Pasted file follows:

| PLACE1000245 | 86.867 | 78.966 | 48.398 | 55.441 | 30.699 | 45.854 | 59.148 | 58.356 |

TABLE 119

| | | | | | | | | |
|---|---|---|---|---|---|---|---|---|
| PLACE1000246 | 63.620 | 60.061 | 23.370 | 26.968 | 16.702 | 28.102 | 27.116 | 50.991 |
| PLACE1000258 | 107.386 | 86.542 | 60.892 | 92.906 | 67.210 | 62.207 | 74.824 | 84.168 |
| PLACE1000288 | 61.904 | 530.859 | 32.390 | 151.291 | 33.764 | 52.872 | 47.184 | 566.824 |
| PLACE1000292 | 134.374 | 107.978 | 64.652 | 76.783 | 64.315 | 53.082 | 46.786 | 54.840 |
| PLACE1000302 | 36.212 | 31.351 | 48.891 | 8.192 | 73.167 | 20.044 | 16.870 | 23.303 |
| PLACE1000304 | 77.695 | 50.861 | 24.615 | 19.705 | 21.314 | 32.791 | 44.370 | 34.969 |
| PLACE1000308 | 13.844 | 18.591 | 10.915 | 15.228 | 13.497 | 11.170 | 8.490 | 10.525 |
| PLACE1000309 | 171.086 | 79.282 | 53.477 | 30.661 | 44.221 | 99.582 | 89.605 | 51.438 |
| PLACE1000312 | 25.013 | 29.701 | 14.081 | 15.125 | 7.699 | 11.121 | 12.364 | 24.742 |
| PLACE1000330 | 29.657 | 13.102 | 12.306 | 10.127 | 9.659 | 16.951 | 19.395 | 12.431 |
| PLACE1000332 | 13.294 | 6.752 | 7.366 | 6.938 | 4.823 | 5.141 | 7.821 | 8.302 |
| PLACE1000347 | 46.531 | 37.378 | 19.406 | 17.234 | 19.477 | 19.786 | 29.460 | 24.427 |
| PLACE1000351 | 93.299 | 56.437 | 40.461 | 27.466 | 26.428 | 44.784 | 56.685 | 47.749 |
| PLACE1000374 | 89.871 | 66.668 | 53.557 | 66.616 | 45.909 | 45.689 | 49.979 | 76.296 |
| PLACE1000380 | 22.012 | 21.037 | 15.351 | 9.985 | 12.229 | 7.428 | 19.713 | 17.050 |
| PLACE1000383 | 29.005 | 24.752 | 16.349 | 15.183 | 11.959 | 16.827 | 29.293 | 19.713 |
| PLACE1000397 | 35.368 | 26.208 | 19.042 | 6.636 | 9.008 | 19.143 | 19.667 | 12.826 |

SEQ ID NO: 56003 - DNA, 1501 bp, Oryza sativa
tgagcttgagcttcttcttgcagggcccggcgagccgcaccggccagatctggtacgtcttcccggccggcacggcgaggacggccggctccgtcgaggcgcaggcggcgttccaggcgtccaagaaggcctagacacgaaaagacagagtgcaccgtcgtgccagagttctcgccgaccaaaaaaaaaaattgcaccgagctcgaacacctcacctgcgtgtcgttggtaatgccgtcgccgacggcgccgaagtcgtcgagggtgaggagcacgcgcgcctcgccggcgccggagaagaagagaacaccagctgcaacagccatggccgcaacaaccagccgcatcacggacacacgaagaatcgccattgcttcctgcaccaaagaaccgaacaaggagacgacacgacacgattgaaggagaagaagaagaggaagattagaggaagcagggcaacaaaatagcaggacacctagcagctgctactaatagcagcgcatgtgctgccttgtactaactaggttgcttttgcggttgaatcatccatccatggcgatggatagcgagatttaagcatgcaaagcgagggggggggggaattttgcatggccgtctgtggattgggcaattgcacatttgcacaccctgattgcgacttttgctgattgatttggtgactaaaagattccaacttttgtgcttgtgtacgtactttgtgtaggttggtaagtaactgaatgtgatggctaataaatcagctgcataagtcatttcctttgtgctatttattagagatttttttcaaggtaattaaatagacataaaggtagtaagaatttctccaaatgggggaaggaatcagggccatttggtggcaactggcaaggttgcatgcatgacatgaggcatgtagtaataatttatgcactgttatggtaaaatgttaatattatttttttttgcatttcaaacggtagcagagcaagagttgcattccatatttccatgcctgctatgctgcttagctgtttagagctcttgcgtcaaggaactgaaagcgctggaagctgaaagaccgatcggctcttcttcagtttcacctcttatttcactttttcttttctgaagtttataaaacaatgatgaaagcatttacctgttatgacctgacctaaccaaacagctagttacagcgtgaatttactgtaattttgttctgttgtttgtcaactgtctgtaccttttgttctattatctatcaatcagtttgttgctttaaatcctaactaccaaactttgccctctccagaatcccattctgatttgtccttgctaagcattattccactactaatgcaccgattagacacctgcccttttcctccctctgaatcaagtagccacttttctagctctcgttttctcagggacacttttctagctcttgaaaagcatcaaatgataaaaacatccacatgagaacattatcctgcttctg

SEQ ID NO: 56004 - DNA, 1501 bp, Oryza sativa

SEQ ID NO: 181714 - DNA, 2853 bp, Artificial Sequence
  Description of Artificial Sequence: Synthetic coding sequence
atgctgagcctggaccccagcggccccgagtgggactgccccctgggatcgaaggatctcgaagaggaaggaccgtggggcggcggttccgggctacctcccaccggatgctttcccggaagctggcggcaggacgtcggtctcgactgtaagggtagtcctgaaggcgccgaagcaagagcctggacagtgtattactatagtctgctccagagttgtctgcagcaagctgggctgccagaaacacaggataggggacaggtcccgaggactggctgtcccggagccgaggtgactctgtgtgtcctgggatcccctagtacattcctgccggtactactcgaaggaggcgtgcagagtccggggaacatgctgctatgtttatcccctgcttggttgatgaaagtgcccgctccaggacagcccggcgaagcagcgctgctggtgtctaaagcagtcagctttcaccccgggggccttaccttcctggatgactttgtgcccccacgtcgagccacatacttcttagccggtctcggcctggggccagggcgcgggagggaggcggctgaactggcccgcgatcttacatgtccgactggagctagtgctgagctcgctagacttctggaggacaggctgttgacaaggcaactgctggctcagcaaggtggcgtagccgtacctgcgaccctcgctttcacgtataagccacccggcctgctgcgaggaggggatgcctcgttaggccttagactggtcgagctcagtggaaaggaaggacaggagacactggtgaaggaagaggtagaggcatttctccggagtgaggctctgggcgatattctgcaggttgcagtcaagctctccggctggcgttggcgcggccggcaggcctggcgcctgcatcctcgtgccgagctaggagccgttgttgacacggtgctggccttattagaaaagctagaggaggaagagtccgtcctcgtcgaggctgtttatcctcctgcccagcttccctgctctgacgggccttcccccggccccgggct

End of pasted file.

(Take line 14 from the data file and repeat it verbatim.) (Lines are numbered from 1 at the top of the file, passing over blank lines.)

| PLACE1000330 | 29.657 | 13.102 | 12.306 | 10.127 | 9.659 | 16.951 | 19.395 | 12.431 |